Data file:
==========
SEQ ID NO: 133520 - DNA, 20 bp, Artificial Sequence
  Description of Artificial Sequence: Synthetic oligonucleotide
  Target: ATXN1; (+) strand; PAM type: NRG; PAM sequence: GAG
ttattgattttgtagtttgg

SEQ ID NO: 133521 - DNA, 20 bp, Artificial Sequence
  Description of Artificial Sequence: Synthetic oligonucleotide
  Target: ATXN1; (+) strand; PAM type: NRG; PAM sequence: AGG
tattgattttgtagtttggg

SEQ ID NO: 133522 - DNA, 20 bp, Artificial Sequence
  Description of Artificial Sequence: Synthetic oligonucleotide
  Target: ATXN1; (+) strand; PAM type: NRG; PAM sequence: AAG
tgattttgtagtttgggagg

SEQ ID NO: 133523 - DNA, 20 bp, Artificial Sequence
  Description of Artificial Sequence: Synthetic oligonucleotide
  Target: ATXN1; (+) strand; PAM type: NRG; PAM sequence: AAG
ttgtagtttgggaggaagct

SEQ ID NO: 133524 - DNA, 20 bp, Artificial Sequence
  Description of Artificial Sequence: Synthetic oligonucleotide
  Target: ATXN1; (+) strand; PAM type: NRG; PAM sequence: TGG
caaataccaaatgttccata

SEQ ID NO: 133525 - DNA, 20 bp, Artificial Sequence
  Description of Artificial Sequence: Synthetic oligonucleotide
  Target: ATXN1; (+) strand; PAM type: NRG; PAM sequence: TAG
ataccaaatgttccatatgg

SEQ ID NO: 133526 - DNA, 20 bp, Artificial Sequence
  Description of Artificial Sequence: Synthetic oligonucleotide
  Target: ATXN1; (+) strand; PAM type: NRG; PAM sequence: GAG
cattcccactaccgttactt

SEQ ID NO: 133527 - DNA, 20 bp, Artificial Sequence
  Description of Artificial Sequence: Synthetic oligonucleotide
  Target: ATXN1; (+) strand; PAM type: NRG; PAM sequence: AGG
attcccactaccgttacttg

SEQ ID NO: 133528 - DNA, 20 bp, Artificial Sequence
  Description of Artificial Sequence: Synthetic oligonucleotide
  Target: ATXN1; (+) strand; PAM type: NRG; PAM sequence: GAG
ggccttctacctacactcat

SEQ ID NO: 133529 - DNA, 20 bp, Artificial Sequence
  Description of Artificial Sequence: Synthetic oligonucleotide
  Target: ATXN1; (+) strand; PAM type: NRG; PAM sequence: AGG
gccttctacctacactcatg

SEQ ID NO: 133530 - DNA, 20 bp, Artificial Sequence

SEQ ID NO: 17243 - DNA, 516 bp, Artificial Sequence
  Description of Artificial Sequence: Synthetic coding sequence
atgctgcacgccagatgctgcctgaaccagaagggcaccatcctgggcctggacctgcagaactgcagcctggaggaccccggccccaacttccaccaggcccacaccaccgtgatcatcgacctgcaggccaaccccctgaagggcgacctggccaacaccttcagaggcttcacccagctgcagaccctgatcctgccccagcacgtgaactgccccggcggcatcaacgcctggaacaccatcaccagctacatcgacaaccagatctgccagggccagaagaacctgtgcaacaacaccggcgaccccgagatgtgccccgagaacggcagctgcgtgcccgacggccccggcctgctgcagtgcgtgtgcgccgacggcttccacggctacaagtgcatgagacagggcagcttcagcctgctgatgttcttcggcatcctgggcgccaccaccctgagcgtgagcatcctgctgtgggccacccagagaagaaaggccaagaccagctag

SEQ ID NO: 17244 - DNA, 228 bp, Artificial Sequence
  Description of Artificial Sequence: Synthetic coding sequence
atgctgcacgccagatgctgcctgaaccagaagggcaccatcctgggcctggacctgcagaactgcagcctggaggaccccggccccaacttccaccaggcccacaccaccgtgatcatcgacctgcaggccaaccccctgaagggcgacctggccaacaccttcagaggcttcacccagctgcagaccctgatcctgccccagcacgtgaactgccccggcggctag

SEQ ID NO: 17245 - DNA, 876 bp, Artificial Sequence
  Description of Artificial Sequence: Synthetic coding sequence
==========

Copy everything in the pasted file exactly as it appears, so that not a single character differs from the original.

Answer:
SEQ ID NO: 133520 - DNA, 20 bp, Artificial Sequence
  Description of Artificial Sequence: Synthetic oligonucleotide
  Target: ATXN1; (+) strand; PAM type: NRG; PAM sequence: GAG
ttattgattttgtagtttgg

SEQ ID NO: 133521 - DNA, 20 bp, Artificial Sequence
  Description of Artificial Sequence: Synthetic oligonucleotide
  Target: ATXN1; (+) strand; PAM type: NRG; PAM sequence: AGG
tattgattttgtagtttggg

SEQ ID NO: 133522 - DNA, 20 bp, Artificial Sequence
  Description of Artificial Sequence: Synthetic oligonucleotide
  Target: ATXN1; (+) strand; PAM type: NRG; PAM sequence: AAG
tgattttgtagtttgggagg

SEQ ID NO: 133523 - DNA, 20 bp, Artificial Sequence
  Description of Artificial Sequence: Synthetic oligonucleotide
  Target: ATXN1; (+) strand; PAM type: NRG; PAM sequence: AAG
ttgtagtttgggaggaagct

SEQ ID NO: 133524 - DNA, 20 bp, Artificial Sequence
  Description of Artificial Sequence: Synthetic oligonucleotide
  Target: ATXN1; (+) strand; PAM type: NRG; PAM sequence: TGG
caaataccaaatgttccata

SEQ ID NO: 133525 - DNA, 20 bp, Artificial Sequence
  Description of Artificial Sequence: Synthetic oligonucleotide
  Target: ATXN1; (+) strand; PAM type: NRG; PAM sequence: TAG
ataccaaatgttccatatgg

SEQ ID NO: 133526 - DNA, 20 bp, Artificial Sequence
  Description of Artificial Sequence: Synthetic oligonucleotide
  Target: ATXN1; (+) strand; PAM type: NRG; PAM sequence: GAG
cattcccactaccgttactt

SEQ ID NO: 133527 - DNA, 20 bp, Artificial Sequence
  Description of Artificial Sequence: Synthetic oligonucleotide
  Target: ATXN1; (+) strand; PAM type: NRG; PAM sequence: AGG
attcccactaccgttacttg

SEQ ID NO: 133528 - DNA, 20 bp, Artificial Sequence
  Description of Artificial Sequence: Synthetic oligonucleotide
  Target: ATXN1; (+) strand; PAM type: NRG; PAM sequence: GAG
ggccttctacctacactcat

SEQ ID NO: 133529 - DNA, 20 bp, Artificial Sequence
  Description of Artificial Sequence: Synthetic oligonucleotide
  Target: ATXN1; (+) strand; PAM type: NRG; PAM sequence: AGG
gccttctacctacactcatg

SEQ ID NO: 133530 - DNA, 20 bp, Artificial Sequence

SEQ ID NO: 17243 - DNA, 516 bp, Artificial Sequence
  Description of Artificial Sequence: Synthetic coding sequence
atgctgcacgccagatgctgcctgaaccagaagggcaccatcctgggcctggacctgcagaactgcagcctggaggaccccggccccaacttccaccaggcccacaccaccgtgatcatcgacctgcaggccaaccccctgaagggcgacctggccaacaccttcagaggcttcacccagctgcagaccctgatcctgccccagcacgtgaactgccccggcggcatcaacgcctggaacaccatcaccagctacatcgacaaccagatctgccagggccagaagaacctgtgcaacaacaccggcgaccccgagatgtgccccgagaacggcagctgcgtgcccgacggccccggcctgctgcagtgcgtgtgcgccgacggcttccacggctacaagtgcatgagacagggcagcttcagcctgctgatgttcttcggcatcctgggcgccaccaccctgagcgtgagcatcctgctgtgggccacccagagaagaaaggccaagaccagctag

SEQ ID NO: 17244 - DNA, 228 bp, Artificial Sequence
  Description of Artificial Sequence: Synthetic coding sequence
atgctgcacgccagatgctgcctgaaccagaagggcaccatcctgggcctggacctgcagaactgcagcctggaggaccccggccccaacttccaccaggcccacaccaccgtgatcatcgacctgcaggccaaccccctgaagggcgacctggccaacaccttcagaggcttcacccagctgcagaccctgatcctgccccagcacgtgaactgccccggcggctag

SEQ ID NO: 17245 - DNA, 876 bp, Artificial Sequence
  Description of Artificial Sequence: Synthetic coding sequence